Take the 2-minute tour ×
Mathematics Stack Exchange is a question and answer site for people studying math at any level and professionals in related fields. It's 100% free, no registration required.

For a continuous martingale $X$, we have the Doléans-Dade exponential: $$\epsilon(X)_t=\exp\left(X_t-\frac{1}{2}[X]_t\right)$$

What is the "correct" analogue, if one exists, for some discrete-time martingale $M$? (Unfortunately in discrete time this is no longer a (local) martingale.)

The motivation is as follows. On page 68 of these notes, the author proves the Exponential Martingale Inequality (EMI) (quoted in my words):

Let $X$ be a continuous local martingale with $X_0=0$. Then for all $x>0$,$u>0$,

$$\mathbb{P}\left[\sup_{t\geq 0}~ X_s\geq x, [X]_t\leq u\right]\leq \exp\left(-\frac{x^2}{2u}\right)$$

This reminded me of the Azuma-Hoeffding Inequality, which states:

Let $M_n$ be a martingale with $M_0=0$ and $|M_i-M_{i-1}|\leq c_i$ for all $i$. Then, for $x>0$ $$\mathbb{P}\left[\sup_{k\leq n}~M_k\geq x\right]\leq \exp\left(-\frac{x^2}{2\sum_{k=1}^nc_k^2}\right)$$

Well, we have $[M]_n\leq \sum_{k=1}^nc_k^2$, so the former inequality would imply the second if only it were true for discrete-time (discontinuous) martingales (setting $u=\sum_{k=1}^nc_k^2$).

To prove EMI, we apply the optional stopping theorem to $\epsilon(\theta X)$ at the time when the $X$ first hits $x$. This gives a set of bounds parameterized by $\theta$ for the probability we want to bound, and optimizing over $\theta$ gives the result (see notes).

For an appropriate definition of $\epsilon(M)$, would the same argument would work in discrete time (and give a proof of Azuma-Hoeffding)?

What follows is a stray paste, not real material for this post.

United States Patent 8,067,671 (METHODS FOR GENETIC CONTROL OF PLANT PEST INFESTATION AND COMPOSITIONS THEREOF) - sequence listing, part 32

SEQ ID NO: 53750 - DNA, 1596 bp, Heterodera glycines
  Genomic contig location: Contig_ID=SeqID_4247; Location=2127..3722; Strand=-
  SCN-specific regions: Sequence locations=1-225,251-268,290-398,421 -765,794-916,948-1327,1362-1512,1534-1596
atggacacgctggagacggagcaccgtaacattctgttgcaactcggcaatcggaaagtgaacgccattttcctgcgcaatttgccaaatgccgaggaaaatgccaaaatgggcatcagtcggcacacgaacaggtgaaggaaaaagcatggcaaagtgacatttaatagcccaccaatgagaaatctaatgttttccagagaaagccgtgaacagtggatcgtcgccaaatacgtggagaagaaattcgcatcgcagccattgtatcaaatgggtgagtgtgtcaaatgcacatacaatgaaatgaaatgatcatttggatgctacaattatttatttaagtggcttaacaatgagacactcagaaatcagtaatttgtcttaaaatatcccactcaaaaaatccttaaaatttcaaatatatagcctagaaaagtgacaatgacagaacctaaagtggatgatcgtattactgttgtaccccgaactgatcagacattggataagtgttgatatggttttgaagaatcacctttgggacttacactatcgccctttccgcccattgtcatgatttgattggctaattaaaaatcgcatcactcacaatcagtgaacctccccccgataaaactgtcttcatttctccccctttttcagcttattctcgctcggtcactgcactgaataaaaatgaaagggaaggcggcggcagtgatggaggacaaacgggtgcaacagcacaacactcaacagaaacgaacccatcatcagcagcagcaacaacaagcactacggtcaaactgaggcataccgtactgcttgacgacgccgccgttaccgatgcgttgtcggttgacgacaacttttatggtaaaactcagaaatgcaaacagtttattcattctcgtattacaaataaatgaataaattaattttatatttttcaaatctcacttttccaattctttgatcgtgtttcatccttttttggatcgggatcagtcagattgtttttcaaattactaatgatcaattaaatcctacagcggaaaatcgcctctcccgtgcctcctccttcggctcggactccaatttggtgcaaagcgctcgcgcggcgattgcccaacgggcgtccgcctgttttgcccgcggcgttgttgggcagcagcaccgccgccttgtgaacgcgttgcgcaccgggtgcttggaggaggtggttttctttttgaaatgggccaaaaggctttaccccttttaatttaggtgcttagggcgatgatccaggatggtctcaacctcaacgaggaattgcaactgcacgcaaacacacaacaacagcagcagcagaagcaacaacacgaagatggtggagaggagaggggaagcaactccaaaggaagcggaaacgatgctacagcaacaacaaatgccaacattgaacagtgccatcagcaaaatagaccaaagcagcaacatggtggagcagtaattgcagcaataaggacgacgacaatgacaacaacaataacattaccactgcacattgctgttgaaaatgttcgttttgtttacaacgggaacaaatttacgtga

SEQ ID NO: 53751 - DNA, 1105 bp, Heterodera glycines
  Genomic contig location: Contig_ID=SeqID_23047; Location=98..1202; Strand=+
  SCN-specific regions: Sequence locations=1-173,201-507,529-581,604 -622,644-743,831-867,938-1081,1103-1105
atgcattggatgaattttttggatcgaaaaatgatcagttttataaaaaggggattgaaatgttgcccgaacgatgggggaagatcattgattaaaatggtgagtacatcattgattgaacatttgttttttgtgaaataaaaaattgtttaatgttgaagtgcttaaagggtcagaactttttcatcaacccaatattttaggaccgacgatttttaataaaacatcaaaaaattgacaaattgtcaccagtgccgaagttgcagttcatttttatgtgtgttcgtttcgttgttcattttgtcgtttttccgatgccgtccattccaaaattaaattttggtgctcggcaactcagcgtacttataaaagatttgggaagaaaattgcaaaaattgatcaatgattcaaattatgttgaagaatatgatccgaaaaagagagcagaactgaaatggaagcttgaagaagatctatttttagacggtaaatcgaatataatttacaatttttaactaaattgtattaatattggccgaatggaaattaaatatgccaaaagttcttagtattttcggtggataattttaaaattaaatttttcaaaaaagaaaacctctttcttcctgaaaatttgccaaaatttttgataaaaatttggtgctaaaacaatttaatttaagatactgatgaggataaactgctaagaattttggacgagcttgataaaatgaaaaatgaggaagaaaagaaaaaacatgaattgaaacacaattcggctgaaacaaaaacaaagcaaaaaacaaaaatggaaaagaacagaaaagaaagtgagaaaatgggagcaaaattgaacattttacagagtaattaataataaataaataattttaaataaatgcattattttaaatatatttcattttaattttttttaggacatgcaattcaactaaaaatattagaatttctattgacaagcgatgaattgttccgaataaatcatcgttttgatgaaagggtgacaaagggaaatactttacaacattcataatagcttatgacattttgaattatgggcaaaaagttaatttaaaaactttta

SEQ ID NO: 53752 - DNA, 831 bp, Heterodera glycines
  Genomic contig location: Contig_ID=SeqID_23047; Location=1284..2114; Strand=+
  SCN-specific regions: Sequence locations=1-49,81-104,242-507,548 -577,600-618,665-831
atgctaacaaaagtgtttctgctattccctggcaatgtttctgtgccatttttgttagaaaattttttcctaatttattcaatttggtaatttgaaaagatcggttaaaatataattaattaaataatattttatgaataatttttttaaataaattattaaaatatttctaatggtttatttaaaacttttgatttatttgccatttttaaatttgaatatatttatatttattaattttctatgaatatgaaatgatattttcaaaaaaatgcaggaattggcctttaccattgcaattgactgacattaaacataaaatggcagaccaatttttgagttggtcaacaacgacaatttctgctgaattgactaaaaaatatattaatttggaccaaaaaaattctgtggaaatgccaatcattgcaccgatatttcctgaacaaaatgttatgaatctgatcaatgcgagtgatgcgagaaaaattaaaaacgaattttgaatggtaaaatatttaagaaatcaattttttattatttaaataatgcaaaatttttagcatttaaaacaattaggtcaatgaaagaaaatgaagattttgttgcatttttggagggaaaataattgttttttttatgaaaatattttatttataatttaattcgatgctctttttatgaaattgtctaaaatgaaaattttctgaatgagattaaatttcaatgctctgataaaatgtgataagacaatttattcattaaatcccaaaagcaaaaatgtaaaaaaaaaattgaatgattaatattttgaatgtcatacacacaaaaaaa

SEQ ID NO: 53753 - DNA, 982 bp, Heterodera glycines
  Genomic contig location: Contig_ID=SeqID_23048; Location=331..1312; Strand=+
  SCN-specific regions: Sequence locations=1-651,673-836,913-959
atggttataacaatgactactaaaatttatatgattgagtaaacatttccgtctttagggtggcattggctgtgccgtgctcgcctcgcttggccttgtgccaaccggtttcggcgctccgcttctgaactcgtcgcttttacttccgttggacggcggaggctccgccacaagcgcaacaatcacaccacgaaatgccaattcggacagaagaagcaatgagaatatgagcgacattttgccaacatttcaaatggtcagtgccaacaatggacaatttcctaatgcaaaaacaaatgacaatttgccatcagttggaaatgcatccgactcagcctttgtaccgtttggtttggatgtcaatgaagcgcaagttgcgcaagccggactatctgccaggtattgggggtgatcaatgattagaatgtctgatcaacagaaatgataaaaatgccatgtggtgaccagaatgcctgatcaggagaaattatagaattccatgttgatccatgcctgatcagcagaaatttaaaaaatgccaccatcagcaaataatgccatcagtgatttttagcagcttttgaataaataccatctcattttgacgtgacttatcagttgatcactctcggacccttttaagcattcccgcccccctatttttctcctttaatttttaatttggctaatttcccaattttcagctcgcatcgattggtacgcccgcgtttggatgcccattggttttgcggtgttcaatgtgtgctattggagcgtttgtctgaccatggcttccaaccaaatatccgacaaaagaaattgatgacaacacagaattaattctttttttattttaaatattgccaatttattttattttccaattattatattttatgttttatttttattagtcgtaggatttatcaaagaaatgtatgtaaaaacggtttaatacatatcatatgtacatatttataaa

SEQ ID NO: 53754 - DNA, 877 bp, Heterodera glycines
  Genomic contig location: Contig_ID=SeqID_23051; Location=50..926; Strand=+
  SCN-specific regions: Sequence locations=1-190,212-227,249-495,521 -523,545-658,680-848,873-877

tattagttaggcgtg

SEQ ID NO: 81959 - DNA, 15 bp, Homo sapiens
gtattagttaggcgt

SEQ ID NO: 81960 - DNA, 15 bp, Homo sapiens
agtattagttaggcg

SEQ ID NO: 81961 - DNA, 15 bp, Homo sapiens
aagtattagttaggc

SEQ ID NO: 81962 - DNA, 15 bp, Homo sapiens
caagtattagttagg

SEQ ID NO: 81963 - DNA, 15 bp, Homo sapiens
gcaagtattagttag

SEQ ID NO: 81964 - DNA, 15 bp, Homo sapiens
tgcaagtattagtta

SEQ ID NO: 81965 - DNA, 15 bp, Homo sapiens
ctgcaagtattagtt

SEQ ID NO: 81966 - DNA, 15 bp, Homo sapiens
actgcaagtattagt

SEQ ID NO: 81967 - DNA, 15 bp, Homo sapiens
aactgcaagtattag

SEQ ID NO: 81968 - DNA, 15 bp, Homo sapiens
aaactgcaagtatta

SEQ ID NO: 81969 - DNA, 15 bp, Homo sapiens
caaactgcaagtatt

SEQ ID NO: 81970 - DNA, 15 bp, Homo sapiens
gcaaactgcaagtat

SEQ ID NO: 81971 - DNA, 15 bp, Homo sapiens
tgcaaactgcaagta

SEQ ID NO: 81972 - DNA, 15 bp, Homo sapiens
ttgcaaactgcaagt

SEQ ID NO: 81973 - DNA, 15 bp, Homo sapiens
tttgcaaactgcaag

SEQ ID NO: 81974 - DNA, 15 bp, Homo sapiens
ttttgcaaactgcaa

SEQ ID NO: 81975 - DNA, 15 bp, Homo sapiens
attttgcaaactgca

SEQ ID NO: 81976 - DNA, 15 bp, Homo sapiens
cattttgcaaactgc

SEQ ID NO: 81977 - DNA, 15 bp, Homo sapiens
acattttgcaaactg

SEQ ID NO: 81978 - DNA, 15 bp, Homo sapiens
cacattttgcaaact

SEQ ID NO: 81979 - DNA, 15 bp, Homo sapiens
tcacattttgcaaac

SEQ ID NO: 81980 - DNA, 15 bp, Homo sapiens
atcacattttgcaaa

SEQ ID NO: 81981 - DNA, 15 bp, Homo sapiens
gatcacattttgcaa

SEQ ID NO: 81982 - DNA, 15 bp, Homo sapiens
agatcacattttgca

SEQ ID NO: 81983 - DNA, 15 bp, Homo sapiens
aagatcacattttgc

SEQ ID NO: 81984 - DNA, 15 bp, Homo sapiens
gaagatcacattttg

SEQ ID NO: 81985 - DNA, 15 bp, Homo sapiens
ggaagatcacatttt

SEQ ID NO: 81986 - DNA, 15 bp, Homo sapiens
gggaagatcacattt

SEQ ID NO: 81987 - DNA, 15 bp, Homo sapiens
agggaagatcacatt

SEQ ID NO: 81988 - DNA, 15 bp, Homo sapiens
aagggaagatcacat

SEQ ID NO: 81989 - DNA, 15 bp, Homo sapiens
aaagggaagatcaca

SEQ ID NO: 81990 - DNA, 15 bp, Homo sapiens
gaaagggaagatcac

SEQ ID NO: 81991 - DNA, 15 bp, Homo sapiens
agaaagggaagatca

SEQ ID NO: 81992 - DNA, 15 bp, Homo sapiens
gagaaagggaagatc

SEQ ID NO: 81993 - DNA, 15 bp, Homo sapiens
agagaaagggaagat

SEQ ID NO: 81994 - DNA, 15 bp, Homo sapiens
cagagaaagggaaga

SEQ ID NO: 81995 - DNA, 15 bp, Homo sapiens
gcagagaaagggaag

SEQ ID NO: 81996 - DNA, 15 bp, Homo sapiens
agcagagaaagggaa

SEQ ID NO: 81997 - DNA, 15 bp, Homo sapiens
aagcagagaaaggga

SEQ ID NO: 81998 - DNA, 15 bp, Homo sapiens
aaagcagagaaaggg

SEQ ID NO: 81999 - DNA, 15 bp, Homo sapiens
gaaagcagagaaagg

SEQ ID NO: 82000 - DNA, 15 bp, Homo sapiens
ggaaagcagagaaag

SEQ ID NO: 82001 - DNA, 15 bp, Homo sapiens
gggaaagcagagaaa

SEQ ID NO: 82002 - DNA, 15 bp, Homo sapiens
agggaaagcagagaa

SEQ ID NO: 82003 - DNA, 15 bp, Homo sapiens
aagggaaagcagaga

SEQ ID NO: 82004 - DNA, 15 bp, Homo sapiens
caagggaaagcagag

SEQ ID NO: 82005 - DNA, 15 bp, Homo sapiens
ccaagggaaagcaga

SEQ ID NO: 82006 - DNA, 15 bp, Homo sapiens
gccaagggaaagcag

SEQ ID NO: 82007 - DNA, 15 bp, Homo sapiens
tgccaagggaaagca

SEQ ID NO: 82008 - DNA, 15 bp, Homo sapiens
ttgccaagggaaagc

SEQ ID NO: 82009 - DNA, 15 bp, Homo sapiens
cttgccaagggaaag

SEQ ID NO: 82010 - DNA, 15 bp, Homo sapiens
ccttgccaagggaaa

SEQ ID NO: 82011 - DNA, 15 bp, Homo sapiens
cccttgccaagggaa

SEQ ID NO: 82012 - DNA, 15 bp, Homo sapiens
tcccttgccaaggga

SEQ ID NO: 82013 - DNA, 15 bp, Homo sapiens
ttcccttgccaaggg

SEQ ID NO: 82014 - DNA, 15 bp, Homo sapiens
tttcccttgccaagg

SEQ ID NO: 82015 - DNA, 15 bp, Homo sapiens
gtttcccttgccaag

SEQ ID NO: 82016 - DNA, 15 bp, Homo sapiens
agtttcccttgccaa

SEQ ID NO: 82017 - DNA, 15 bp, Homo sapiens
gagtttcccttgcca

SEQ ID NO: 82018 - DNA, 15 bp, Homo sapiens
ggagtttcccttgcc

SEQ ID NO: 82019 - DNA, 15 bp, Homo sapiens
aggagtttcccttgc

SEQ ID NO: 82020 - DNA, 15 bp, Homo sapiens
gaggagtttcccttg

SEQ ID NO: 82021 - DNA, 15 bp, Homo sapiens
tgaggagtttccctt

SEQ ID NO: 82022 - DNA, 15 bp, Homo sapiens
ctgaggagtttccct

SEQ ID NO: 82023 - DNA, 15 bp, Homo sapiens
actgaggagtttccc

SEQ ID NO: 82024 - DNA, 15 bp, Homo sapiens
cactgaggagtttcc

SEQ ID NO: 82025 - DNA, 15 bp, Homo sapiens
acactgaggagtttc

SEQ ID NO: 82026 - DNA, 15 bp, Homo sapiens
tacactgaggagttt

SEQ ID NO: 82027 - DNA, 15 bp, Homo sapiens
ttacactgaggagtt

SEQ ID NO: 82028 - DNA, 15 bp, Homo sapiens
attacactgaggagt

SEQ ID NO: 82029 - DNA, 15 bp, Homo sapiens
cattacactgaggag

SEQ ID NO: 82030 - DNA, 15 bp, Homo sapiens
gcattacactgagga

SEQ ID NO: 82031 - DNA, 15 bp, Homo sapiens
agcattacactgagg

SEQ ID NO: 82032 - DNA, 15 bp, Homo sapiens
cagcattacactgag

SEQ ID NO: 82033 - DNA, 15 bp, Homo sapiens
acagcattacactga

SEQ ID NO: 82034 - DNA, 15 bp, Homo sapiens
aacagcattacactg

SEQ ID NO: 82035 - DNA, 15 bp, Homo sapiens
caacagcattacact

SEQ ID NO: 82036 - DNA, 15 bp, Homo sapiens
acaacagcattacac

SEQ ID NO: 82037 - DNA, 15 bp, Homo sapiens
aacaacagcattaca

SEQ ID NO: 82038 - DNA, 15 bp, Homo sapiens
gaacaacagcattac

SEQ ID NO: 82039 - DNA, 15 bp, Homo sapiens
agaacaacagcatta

Thanks.

share|improve this question

1 Answer 1

I don't know if this answers the question but here are my two cents :

If we start from the "SDE" definition of Doléans-Dade exponential for a general semi-martingale $X_t$, then the Doléans-Dade exponential is the process $Z_t$ the solution of the following equation :
$$ \begin{cases} dZ_t&=Z_{t-}dX_t, \\ Z_0 &=1. \end{cases} $$

In discrete time this gives an anology which allows us to define the Doléans-Dade exponential as the only dicrete process s.t. :
$$ \begin{cases} \Delta Z_n&=Z_{n-1}\Delta X_n, \\ Z_0 &=1. \end{cases} $$
where $\Delta Y_n$ means $Y_n-Y_{n-1}$ for any discrete process $(Y_n)_{n\ge 0}$. That can be solved by recurence in the form : $$ Z_n=\prod_{i=0}^{n}(1 +\Delta X_i) $$ with the convention $\Delta X_0=0$, so that $Z_0=1$.

Notice that when expressing the solution for time continuous pure jumps semi-martingale you get almost the same answer ( check Jacod, Shiryaev "Limit Theorem for Stochastic Processes" at the end of Chapter 1).

(note that this exponential can take négative values !!!)

Don't know if this helps

Best regards

share|improve this answer

Your Answer

 
discard

By posting your answer, you agree to the privacy policy and terms of service.

Not the answer you're looking for? Browse other questions tagged or ask your own question.